The rally was led where you might think. Energy, the most beaten down sector this year, caught a break as the U.S. dollar paused (sort of) to catch its breath. Among industry groups, consumer finance, the banks, the airlines, and aerospace all experienced increased support. Yes, that is all fiscal package related. Trust it if you will. For the day, Spirit Airlines (SAVE) , and JetBlue (JBLU) both ran 37%, while American Airlines (AAL) at +35%, and Delta Air Lines (DAL) at +25%, contributed toward pulling the Dow Jones US Airlines Index 20% higher for the session.
My thoughts? Trading this market may be easier money than investing as time passes. Would one rather wake up every day at the mercy of algorithms that could react negatively to the increasing spread of the virus, or what will be truly horrific looking macroeconomic data beginning this week or take quantifiable profits where and when you have them? Just me thinking out loud. I'll still be invested, but my focus will more than likely for the short-term, be on my daily P/L, which I feel is more manageable right now.
First, let's try to put a second consecutive positive day to the tape for the S&P 500. This is our 5th attempt over a three week period.
One Stone Still Unturned
One thing that has crossed my mind in recent weeks on a regular basis, has been U.S. dollar valuations. There has obviously been a dramatic increase in demand for "risk-off" currency over the past month or so, as cash flows dried up and liquidity issues cropped up on a daily basis. The dollar has been allowed to pause this week, finally... as the Fed has made unlimited what it will do in the way of money supply creation in order to meet the needs of not just market function, but of financing the rapidly expanding needs of government.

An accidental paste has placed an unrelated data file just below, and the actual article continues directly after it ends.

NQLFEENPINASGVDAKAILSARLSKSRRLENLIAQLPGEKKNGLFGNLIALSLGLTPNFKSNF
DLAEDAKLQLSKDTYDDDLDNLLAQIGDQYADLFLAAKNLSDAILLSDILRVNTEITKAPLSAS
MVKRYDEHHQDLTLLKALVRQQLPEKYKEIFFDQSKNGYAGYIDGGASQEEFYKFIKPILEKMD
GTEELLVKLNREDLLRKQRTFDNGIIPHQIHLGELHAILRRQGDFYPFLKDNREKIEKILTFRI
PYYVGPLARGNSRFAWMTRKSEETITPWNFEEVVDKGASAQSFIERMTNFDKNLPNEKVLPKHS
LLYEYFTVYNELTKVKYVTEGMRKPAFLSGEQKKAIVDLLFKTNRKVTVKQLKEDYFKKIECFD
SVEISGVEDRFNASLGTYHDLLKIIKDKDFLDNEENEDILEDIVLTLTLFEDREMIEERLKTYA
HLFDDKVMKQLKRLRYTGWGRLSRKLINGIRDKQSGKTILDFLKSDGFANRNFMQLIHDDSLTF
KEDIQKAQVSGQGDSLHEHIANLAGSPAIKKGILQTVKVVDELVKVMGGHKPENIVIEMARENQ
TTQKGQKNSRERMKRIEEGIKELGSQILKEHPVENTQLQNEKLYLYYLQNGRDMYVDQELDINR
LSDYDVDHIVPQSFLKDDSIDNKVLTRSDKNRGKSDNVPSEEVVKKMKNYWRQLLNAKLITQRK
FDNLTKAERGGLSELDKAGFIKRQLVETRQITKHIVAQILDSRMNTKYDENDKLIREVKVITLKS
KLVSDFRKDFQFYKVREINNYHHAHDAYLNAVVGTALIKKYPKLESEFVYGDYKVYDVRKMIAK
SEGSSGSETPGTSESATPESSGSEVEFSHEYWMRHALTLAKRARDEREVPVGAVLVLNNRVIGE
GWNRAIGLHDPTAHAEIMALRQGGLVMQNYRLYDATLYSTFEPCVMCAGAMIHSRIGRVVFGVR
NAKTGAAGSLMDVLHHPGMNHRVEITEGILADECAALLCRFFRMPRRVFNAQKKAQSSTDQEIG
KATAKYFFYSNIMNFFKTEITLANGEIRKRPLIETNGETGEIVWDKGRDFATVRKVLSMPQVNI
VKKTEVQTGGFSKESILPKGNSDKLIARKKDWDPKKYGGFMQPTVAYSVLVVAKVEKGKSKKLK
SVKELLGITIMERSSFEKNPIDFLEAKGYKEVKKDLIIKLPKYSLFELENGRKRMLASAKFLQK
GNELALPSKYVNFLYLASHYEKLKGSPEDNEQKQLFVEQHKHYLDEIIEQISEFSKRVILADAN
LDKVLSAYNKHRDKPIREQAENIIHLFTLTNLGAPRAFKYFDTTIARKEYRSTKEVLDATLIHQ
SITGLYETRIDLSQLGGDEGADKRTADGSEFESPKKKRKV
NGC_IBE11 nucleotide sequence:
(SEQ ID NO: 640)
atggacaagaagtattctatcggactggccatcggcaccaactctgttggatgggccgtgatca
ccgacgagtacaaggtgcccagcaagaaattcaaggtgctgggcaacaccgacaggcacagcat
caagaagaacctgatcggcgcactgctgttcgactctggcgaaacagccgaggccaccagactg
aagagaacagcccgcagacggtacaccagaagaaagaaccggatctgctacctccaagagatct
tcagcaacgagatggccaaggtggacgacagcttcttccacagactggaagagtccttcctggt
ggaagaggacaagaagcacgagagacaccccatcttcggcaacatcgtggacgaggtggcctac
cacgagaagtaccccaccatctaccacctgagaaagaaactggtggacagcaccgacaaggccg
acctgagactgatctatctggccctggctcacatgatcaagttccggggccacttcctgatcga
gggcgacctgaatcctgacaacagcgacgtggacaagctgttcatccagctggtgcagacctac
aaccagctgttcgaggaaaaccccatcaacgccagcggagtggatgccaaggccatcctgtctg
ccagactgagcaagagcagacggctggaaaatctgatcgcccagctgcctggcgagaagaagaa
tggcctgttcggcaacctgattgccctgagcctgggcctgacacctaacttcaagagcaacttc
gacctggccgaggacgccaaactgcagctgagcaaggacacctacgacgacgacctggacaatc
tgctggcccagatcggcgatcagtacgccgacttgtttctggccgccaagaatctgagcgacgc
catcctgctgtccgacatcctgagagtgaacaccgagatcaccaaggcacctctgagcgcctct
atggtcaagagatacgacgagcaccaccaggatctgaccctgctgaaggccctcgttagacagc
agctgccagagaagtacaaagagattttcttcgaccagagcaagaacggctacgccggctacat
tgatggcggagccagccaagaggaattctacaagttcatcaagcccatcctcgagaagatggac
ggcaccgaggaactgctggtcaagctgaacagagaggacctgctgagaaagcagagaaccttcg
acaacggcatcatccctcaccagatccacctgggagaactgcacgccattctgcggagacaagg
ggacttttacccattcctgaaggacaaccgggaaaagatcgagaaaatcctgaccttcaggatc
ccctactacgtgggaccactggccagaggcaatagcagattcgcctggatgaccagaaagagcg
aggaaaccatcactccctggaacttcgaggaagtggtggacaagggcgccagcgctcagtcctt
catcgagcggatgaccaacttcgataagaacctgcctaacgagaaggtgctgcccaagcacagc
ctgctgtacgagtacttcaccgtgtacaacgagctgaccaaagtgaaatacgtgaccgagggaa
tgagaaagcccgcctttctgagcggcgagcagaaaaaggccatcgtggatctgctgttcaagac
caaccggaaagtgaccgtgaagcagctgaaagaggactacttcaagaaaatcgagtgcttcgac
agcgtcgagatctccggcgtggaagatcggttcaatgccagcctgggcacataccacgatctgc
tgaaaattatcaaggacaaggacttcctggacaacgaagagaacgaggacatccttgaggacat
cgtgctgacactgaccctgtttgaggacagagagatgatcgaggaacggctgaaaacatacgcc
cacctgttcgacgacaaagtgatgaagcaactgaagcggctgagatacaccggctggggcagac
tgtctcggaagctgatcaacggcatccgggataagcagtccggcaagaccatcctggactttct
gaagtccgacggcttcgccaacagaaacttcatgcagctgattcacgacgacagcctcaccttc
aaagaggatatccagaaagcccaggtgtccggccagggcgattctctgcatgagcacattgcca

If after this we do see a resumption of demand for U.S. dollars that further warps currency exchange rates, I do think that there would have to be coordinated effort between the Fed and the Treasury Department to intervene in these markets.
- Both Piper Sandler's Harsh Kumar and Oppenheimer's Andrew Uerkwitz reduced their estimates for Apple (AAPL) for the next two reporting periods while maintaining "Overweight" ratings on the shares. Okay, who doesn't expect a couple of tougher quarters for the world's greatest consumer electronics company (my opinion). More importantly, was not Apple looking to reopen the firm's retail locations some time in April on a staggered basis? The development of that story more than anything else will tell us how realistic any short time frame is for reopening (partially) the U.S. economy.
- Anyone else notice the 17% move higher for Nvidia (NVDA) , on a day that the Tech sector SPDR ETF (XLK) gained 10%, as did the iShares Philadelphia Semiconductor ETF (SOXX) ? Why? An upgrade by Needham's Rajvindra Gil to "Buy" from "Hold", and a new price target of $270. Check out what Gil said... "We expect to see a surge in demand for Nvidia's GPUs in the medical field, particularly in DNA sequencing and drug development." Gil added, "GPUs can accelerate the analysis of whole genomes, which consist of 3 billion base pairs in human chromosomes, from days to less than one hour." Hmmm.
Economics (All Times Eastern)
08:30 - Durable Goods Orders (Feb): Expecting -0.8% m/m, Last -0.2% m/m.
08:30 - ex-Transportation (Feb): Expecting -0.3% m/m, Last 0.9% m/m.
08:30 - ex-Defense (Feb): Last 3.6% m/m.
08:30 - Core Capital Goods (Feb): Last 1.1% m/m.
09:00 - FHFA HPI (Jan): Expecting 0.3% m/m, Last 0.6% m/m.
10:30 - Oil Inventories (Weekly): Last -841K.
10:30 - Gasoline Inventories (Weekly): Last -6.18M.
The Fed (All Times Eastern)
No events scheduled for today.
Today's Earnings Highlights (Consensus EPS Expectations)
After the Close: (MU) (.31)